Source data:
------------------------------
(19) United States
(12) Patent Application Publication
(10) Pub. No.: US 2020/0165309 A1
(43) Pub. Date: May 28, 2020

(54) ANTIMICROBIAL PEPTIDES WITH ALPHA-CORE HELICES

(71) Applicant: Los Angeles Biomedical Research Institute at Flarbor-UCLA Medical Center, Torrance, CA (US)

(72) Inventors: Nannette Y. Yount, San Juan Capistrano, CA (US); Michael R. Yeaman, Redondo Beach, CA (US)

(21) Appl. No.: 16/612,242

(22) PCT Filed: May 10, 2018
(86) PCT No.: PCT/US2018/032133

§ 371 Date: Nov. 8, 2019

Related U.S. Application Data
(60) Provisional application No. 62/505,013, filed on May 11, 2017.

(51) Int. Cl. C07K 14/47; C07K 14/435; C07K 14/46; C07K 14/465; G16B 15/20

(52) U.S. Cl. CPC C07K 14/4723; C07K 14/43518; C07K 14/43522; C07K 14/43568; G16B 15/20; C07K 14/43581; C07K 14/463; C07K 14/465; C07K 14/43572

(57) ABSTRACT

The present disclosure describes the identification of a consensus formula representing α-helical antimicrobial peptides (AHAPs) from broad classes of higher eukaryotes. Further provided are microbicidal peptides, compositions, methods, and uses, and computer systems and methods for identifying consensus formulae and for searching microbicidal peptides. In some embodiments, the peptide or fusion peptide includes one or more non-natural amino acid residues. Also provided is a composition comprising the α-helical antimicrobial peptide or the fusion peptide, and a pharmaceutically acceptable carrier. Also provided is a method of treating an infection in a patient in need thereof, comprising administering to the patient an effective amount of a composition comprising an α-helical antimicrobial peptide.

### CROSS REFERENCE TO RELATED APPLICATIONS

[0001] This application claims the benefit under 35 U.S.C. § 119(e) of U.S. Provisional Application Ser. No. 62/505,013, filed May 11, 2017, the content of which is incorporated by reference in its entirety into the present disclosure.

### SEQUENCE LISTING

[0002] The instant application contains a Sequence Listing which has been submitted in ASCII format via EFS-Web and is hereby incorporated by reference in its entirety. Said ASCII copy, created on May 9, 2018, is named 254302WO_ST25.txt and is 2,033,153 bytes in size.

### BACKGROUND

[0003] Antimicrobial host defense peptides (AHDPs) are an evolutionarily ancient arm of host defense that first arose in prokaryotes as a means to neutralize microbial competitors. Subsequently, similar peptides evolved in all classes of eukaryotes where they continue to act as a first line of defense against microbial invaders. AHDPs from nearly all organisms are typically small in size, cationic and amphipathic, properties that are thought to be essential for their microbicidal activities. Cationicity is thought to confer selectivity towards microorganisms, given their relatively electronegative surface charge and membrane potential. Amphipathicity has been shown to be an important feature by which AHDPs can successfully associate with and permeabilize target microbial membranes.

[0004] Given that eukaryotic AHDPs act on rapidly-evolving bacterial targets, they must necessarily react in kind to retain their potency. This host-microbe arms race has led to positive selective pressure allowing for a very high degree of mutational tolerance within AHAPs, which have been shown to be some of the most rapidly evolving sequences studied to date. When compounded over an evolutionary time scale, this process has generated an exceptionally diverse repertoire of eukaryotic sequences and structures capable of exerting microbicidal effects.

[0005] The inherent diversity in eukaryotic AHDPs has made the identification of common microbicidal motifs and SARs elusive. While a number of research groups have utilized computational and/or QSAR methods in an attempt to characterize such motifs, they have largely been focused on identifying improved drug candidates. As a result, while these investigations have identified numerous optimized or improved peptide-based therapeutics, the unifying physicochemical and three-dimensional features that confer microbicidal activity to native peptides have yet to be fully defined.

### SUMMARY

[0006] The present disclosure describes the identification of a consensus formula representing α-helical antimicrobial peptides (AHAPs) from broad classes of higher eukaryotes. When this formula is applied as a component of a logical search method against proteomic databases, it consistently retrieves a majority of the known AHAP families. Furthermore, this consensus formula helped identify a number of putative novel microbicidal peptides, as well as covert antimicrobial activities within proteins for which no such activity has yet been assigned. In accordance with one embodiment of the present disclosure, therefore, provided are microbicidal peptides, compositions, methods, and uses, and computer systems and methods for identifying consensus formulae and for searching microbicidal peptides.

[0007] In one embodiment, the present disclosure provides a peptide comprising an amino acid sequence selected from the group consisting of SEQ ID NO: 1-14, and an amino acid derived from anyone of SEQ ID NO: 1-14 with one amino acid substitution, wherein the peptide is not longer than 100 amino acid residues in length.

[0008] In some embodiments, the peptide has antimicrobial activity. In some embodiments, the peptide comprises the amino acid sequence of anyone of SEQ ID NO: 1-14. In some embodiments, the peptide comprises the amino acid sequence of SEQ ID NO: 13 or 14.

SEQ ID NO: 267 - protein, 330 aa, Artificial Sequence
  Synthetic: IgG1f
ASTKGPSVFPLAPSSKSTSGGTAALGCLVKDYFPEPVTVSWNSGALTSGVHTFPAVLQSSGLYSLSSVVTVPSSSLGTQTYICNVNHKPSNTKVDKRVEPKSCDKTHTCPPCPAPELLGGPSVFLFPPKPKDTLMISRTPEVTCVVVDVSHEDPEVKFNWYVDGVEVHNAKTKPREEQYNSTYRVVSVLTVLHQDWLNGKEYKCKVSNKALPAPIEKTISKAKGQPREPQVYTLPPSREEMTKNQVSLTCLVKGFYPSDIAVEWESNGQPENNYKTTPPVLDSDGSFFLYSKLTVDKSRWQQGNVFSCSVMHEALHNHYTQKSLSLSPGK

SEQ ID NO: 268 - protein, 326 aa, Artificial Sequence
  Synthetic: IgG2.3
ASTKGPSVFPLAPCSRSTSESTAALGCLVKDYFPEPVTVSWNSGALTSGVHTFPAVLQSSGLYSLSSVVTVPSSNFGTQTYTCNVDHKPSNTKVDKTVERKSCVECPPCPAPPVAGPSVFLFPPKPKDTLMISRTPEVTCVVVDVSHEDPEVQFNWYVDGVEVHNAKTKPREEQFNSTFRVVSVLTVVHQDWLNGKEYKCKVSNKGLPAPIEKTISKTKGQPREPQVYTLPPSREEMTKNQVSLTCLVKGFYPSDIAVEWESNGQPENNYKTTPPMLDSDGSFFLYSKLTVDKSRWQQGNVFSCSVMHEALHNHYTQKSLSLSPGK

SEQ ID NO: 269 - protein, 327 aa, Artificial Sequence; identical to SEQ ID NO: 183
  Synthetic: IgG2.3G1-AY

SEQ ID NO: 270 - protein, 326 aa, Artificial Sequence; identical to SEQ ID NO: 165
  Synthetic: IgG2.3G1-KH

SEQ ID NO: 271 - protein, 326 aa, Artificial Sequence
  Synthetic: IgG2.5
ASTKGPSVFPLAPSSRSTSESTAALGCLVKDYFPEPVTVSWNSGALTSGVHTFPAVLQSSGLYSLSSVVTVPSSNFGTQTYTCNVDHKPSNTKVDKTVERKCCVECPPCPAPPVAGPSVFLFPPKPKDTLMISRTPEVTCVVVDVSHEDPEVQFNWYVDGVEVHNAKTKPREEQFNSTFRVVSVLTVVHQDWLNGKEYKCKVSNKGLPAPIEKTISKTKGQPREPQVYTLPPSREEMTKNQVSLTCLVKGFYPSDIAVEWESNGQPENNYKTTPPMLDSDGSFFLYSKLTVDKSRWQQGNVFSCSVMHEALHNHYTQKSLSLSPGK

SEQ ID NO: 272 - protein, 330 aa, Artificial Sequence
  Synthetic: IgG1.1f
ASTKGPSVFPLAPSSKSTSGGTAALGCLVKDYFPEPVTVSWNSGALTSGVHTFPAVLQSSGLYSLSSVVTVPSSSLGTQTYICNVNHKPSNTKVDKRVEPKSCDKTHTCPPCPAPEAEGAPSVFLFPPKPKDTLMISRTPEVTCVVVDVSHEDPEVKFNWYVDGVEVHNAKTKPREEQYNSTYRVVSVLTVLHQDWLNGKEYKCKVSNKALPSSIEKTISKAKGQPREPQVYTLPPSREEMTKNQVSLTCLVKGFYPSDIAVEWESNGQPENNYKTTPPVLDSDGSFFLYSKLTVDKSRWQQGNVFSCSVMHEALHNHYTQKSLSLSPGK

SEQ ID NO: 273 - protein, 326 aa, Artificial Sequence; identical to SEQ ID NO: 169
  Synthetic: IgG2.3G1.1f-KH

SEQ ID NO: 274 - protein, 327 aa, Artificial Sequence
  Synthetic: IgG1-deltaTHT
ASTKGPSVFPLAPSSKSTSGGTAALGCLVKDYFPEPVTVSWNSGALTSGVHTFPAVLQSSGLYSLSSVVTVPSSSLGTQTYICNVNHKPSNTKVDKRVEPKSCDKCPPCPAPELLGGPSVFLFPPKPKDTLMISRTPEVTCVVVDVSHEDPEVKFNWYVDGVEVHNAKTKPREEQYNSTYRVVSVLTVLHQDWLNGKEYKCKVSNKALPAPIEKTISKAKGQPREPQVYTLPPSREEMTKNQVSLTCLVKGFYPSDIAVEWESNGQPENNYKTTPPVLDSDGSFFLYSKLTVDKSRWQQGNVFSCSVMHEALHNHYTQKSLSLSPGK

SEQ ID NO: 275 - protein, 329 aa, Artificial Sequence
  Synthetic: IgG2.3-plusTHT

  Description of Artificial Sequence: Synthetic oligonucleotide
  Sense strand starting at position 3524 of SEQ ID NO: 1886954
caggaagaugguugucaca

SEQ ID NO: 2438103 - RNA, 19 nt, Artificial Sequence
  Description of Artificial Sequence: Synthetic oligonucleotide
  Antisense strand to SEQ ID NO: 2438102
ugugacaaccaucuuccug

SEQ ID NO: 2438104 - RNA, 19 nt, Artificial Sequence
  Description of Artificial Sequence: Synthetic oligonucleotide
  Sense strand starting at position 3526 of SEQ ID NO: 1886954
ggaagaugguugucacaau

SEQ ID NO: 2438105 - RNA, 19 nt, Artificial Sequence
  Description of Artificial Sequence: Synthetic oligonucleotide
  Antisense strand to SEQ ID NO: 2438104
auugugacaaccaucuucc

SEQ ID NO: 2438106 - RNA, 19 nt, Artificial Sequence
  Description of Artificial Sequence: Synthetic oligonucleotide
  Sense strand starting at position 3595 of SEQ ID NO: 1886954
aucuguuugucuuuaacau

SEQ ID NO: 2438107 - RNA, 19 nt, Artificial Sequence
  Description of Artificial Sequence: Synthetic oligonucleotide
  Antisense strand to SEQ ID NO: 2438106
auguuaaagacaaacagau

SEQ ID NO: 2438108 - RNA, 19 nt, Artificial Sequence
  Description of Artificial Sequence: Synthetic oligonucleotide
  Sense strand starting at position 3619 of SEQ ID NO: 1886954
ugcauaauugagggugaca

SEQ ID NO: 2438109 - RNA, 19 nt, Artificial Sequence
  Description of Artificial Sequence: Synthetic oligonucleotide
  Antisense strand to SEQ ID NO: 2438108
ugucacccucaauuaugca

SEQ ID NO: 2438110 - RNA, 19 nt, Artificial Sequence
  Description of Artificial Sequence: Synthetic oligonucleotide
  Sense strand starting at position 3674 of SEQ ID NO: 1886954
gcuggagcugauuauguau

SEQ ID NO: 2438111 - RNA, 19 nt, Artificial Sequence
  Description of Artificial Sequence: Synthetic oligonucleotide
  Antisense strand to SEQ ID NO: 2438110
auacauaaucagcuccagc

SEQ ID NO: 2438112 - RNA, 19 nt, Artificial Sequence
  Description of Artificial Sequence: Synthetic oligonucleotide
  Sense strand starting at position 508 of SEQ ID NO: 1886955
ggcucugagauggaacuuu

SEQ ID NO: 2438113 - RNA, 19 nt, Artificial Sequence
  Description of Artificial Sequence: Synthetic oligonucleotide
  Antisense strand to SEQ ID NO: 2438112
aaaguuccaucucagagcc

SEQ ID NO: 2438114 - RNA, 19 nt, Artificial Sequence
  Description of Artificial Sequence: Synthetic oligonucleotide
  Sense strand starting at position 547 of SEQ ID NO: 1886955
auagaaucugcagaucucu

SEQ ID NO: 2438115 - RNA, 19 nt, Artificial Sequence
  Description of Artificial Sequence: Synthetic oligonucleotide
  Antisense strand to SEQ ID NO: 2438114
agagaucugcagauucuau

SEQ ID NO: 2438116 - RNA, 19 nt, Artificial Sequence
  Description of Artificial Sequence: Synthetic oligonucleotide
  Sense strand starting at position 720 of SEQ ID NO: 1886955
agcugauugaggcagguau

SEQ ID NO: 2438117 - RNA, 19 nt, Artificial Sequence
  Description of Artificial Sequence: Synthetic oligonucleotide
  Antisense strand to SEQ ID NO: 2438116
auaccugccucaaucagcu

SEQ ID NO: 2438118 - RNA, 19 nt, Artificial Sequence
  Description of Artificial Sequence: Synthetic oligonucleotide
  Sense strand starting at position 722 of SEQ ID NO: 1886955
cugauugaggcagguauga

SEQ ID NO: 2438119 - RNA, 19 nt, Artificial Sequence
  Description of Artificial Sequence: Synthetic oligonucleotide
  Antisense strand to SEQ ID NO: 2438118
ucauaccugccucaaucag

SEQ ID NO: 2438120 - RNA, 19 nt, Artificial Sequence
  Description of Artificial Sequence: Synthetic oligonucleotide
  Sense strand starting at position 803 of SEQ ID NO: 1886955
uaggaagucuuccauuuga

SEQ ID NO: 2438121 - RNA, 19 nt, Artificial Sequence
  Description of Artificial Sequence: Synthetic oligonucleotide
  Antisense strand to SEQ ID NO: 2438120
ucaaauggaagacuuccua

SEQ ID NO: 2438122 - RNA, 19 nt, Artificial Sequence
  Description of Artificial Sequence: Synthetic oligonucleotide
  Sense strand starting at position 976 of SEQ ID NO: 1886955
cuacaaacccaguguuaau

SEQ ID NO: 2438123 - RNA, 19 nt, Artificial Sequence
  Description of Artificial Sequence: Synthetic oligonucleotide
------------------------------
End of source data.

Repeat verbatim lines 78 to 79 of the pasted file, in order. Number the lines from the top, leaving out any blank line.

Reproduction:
  Sense strand starting at position 3619 of SEQ ID NO: 1886954
ugcauaauugagggugaca